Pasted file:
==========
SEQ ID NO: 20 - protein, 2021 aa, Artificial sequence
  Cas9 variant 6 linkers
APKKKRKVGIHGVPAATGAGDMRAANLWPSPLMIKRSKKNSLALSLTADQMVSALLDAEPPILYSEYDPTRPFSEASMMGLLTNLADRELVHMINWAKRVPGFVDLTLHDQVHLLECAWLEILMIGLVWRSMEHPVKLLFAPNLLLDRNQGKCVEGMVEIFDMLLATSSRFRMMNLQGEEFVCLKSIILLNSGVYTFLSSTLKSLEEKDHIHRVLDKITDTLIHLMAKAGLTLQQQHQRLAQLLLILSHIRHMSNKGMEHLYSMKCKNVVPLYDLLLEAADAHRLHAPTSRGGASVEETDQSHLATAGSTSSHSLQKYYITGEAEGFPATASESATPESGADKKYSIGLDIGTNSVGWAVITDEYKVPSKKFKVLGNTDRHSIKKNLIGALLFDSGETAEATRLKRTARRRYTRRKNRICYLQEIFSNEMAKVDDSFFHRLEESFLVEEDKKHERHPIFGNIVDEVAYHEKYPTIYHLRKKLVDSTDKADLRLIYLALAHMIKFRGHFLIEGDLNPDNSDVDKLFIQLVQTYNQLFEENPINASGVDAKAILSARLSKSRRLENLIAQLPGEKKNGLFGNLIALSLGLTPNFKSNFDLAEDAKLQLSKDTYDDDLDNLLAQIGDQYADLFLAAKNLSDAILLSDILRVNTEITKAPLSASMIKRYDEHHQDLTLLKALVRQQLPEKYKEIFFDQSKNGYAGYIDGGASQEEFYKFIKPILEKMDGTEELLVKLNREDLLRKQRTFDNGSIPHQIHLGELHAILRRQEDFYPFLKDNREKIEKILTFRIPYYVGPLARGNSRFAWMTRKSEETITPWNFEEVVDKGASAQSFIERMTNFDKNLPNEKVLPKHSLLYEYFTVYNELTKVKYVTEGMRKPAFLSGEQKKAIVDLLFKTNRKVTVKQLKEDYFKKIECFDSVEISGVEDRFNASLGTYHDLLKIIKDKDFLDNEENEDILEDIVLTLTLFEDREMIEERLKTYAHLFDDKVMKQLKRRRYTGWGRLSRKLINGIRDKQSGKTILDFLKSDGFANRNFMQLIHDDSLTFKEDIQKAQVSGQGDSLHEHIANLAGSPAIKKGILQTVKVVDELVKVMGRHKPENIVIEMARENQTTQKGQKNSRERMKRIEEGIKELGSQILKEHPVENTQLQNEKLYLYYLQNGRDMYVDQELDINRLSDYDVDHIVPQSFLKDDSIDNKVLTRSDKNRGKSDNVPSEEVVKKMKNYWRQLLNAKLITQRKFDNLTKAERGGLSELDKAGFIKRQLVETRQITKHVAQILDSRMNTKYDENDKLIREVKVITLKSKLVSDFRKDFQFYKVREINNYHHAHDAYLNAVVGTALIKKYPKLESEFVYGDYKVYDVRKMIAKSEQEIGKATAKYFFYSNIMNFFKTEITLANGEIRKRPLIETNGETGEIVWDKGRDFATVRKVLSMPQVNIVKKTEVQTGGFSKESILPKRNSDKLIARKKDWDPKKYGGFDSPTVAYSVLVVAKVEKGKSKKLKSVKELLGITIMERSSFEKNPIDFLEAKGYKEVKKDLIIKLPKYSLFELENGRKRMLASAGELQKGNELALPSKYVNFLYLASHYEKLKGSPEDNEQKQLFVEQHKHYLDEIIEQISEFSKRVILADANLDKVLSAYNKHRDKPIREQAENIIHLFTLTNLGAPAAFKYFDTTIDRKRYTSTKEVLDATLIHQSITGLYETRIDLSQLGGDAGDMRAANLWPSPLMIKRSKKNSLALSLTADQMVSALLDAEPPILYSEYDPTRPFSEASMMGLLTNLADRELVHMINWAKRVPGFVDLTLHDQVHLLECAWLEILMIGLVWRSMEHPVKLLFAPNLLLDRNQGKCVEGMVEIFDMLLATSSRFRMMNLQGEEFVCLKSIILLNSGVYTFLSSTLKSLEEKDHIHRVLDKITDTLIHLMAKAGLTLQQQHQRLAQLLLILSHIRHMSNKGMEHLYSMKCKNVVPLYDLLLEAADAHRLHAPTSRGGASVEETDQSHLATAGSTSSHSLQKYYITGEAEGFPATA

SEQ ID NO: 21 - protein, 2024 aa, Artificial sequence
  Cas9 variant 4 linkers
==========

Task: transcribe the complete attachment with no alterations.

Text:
SEQ ID NO: 20 - protein, 2021 aa, Artificial sequence
  Cas9 variant 6 linkers
APKKKRKVGIHGVPAATGAGDMRAANLWPSPLMIKRSKKNSLALSLTADQMVSALLDAEPPILYSEYDPTRPFSEASMMGLLTNLADRELVHMINWAKRVPGFVDLTLHDQVHLLECAWLEILMIGLVWRSMEHPVKLLFAPNLLLDRNQGKCVEGMVEIFDMLLATSSRFRMMNLQGEEFVCLKSIILLNSGVYTFLSSTLKSLEEKDHIHRVLDKITDTLIHLMAKAGLTLQQQHQRLAQLLLILSHIRHMSNKGMEHLYSMKCKNVVPLYDLLLEAADAHRLHAPTSRGGASVEETDQSHLATAGSTSSHSLQKYYITGEAEGFPATASESATPESGADKKYSIGLDIGTNSVGWAVITDEYKVPSKKFKVLGNTDRHSIKKNLIGALLFDSGETAEATRLKRTARRRYTRRKNRICYLQEIFSNEMAKVDDSFFHRLEESFLVEEDKKHERHPIFGNIVDEVAYHEKYPTIYHLRKKLVDSTDKADLRLIYLALAHMIKFRGHFLIEGDLNPDNSDVDKLFIQLVQTYNQLFEENPINASGVDAKAILSARLSKSRRLENLIAQLPGEKKNGLFGNLIALSLGLTPNFKSNFDLAEDAKLQLSKDTYDDDLDNLLAQIGDQYADLFLAAKNLSDAILLSDILRVNTEITKAPLSASMIKRYDEHHQDLTLLKALVRQQLPEKYKEIFFDQSKNGYAGYIDGGASQEEFYKFIKPILEKMDGTEELLVKLNREDLLRKQRTFDNGSIPHQIHLGELHAILRRQEDFYPFLKDNREKIEKILTFRIPYYVGPLARGNSRFAWMTRKSEETITPWNFEEVVDKGASAQSFIERMTNFDKNLPNEKVLPKHSLLYEYFTVYNELTKVKYVTEGMRKPAFLSGEQKKAIVDLLFKTNRKVTVKQLKEDYFKKIECFDSVEISGVEDRFNASLGTYHDLLKIIKDKDFLDNEENEDILEDIVLTLTLFEDREMIEERLKTYAHLFDDKVMKQLKRRRYTGWGRLSRKLINGIRDKQSGKTILDFLKSDGFANRNFMQLIHDDSLTFKEDIQKAQVSGQGDSLHEHIANLAGSPAIKKGILQTVKVVDELVKVMGRHKPENIVIEMARENQTTQKGQKNSRERMKRIEEGIKELGSQILKEHPVENTQLQNEKLYLYYLQNGRDMYVDQELDINRLSDYDVDHIVPQSFLKDDSIDNKVLTRSDKNRGKSDNVPSEEVVKKMKNYWRQLLNAKLITQRKFDNLTKAERGGLSELDKAGFIKRQLVETRQITKHVAQILDSRMNTKYDENDKLIREVKVITLKSKLVSDFRKDFQFYKVREINNYHHAHDAYLNAVVGTALIKKYPKLESEFVYGDYKVYDVRKMIAKSEQEIGKATAKYFFYSNIMNFFKTEITLANGEIRKRPLIETNGETGEIVWDKGRDFATVRKVLSMPQVNIVKKTEVQTGGFSKESILPKRNSDKLIARKKDWDPKKYGGFDSPTVAYSVLVVAKVEKGKSKKLKSVKELLGITIMERSSFEKNPIDFLEAKGYKEVKKDLIIKLPKYSLFELENGRKRMLASAGELQKGNELALPSKYVNFLYLASHYEKLKGSPEDNEQKQLFVEQHKHYLDEIIEQISEFSKRVILADANLDKVLSAYNKHRDKPIREQAENIIHLFTLTNLGAPAAFKYFDTTIDRKRYTSTKEVLDATLIHQSITGLYETRIDLSQLGGDAGDMRAANLWPSPLMIKRSKKNSLALSLTADQMVSALLDAEPPILYSEYDPTRPFSEASMMGLLTNLADRELVHMINWAKRVPGFVDLTLHDQVHLLECAWLEILMIGLVWRSMEHPVKLLFAPNLLLDRNQGKCVEGMVEIFDMLLATSSRFRMMNLQGEEFVCLKSIILLNSGVYTFLSSTLKSLEEKDHIHRVLDKITDTLIHLMAKAGLTLQQQHQRLAQLLLILSHIRHMSNKGMEHLYSMKCKNVVPLYDLLLEAADAHRLHAPTSRGGASVEETDQSHLATAGSTSSHSLQKYYITGEAEGFPATA

SEQ ID NO: 21 - protein, 2024 aa, Artificial sequence
  Cas9 variant 4 linkers